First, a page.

Gaby Maier is an Assistant Professor in Cooperative Extension at UC Davis. She conducts research at Sierra Foothill REC.
What led you to become a veterinarian?
I am from Germany and my uncle was a rural veterinarian there. When, as a kid, I spent a vacation at my uncle’s house, my first night there I saw him assist with a cow dystocia and was absolutely fascinated. He was my inspiration, but it took me a while to get around to fulfilling my dream of becoming a veterinarian. I have always been interested in where our food comes from and how to improve livestock agriculture while also protecting animal and human health. I’m also a bit of a nerd, so I love working with data and doing research. I have found a great niche in what I’m doing at UC Davis where I can combine all those passions.
What brought your work to Sierra Foothill REC?
SFREC is the best place for me to work on research projects involving grazing cattle. It is within easy reach of the UC Davis campus, and the facilities and setup are perfect for my needs. Working with grazing beef cattle can be challenging because they are not as easily accessible as dairy cattle that can be caught in head catches while they eat. There are usually only a few times per year when cattle in a commercial beef herd are handled, and that can make it tough to enroll those herds in studies when you need to collect more than one data point per animal. The main priority for the herd at SFREC is to support research needs. And while all research protocols have to be approved by the Institutional Animal Care and Use Committee to ensure ethical conduct of animal research, working with cattle at SFREC is a lot more flexible than what could be expected elsewhere.
What do you hope to learn from your research at Sierra Foothill REC?
I am involved in multiple studies at SFREC. For example, we concluded a study that evaluated the use of eye patches for the treatment of an infectious ocular disease in cattle called pinkeye. Many ranchers patch affected eyes, usually with old denim, but no data was available on whether this treatment actually makes a difference. We found that patched eyes do heal faster and the ulcer that develops in affected eyes shrinks more quickly.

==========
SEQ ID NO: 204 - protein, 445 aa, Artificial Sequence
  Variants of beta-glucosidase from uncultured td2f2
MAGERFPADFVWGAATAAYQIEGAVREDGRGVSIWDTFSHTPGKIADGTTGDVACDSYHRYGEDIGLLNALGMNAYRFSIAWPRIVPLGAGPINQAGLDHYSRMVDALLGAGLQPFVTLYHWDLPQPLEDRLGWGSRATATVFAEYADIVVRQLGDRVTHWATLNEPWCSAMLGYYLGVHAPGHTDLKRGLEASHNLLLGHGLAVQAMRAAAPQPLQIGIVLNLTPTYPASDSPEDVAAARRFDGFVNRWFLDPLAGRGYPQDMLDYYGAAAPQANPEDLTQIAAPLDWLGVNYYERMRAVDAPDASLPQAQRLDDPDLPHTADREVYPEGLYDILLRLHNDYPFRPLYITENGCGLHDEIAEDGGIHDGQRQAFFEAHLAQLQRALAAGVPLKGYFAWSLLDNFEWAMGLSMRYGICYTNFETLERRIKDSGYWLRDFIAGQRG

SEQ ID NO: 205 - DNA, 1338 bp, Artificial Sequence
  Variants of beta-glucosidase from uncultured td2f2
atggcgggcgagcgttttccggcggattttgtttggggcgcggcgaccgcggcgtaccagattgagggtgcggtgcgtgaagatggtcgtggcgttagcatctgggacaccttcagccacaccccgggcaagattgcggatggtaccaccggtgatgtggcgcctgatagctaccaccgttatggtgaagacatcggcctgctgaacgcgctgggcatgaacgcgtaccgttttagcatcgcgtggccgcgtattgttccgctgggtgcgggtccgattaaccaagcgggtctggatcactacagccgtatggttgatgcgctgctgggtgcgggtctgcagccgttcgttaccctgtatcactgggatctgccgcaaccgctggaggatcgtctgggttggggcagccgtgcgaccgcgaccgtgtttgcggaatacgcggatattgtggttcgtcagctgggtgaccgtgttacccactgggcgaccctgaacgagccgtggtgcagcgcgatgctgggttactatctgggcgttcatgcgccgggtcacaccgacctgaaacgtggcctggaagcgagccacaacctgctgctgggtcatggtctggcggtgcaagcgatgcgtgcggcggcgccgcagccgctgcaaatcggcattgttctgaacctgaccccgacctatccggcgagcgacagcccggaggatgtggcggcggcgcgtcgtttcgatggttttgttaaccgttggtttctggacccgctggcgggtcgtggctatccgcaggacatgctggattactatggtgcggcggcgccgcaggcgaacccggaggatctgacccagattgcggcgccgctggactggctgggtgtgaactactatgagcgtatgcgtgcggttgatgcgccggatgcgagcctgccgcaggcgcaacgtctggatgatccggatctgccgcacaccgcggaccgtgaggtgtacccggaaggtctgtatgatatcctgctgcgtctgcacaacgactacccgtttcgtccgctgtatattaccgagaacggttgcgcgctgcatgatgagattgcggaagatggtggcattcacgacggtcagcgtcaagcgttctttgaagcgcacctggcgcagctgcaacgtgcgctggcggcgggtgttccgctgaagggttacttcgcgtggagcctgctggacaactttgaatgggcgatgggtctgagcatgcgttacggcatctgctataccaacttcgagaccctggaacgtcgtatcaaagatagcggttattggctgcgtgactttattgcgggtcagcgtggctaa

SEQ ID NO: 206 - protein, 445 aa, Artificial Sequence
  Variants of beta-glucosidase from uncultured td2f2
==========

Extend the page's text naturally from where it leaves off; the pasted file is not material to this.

We are also comparing the use of different deworming regimens in young calves and their effect on weight gain and parasite load. Resistance of intestinal parasites to commonly used dewormers is becoming more and more of an issue in all livestock species. We typically think of the southeastern US with high humidity as a place where parasites can become a problem, but evaluating whether we see any indication of this trend locally will be important to be able to take any timely corrective actions.
Finally, we are studying the use of a feed additive, monensin, to determine the best dose of this compound in a mineral mix delivered to growing steers on pasture to maximize production. Monensin has many uses, and one of its benefits is to change the rumen flora to a more energy-efficient profile while also reducing methane production. We are in our third year of data collection for this project to account for varying pasture conditions due to the fluctuations in precipitation we experience in California.
By the way, when I say “we” it’s not the royal we; I have a lot of support for all those projects from collaborators and students without whom none of it would be possible.
What is your favorite part about conducting your research at Sierra Foothill REC?
Hands down, it’s the staff at SFREC I have been working with. I couldn’t wish for a more dedicated group to support our projects. They always go the extra mile, they understand the importance of collecting good data, they are absolutely invested in providing the best animal care, and most importantly, they are fun to work with. Apart from that, it’s a beautiful place in the Sierra foothills (hence the name), the facilities are good, and it’s always great to get out of the office.
What is your favorite animal and why?
Of course, I have to say it’s cows. They are just amazing – they provide us with so much: milk, cheese, many other dairy products, meat, leather, products used in research like fetal calf serum for cell culture. Their physiology is amazing, a dairy cow can make over 100 lbs of milk a day, and they convert cellulose into energy, which we cannot. While there are a few mean and crazy cows out there, often they have a calm demeanor. During the pandemic, businesses started that charged for letting people hug a cow. While this may seem a bit funny, I can understand the comfort that it may have provided to those who paid for the service. Who wouldn’t want to hug a cow? Having said all this, I have a pet chicken, Gonzilla, that I also like a lot.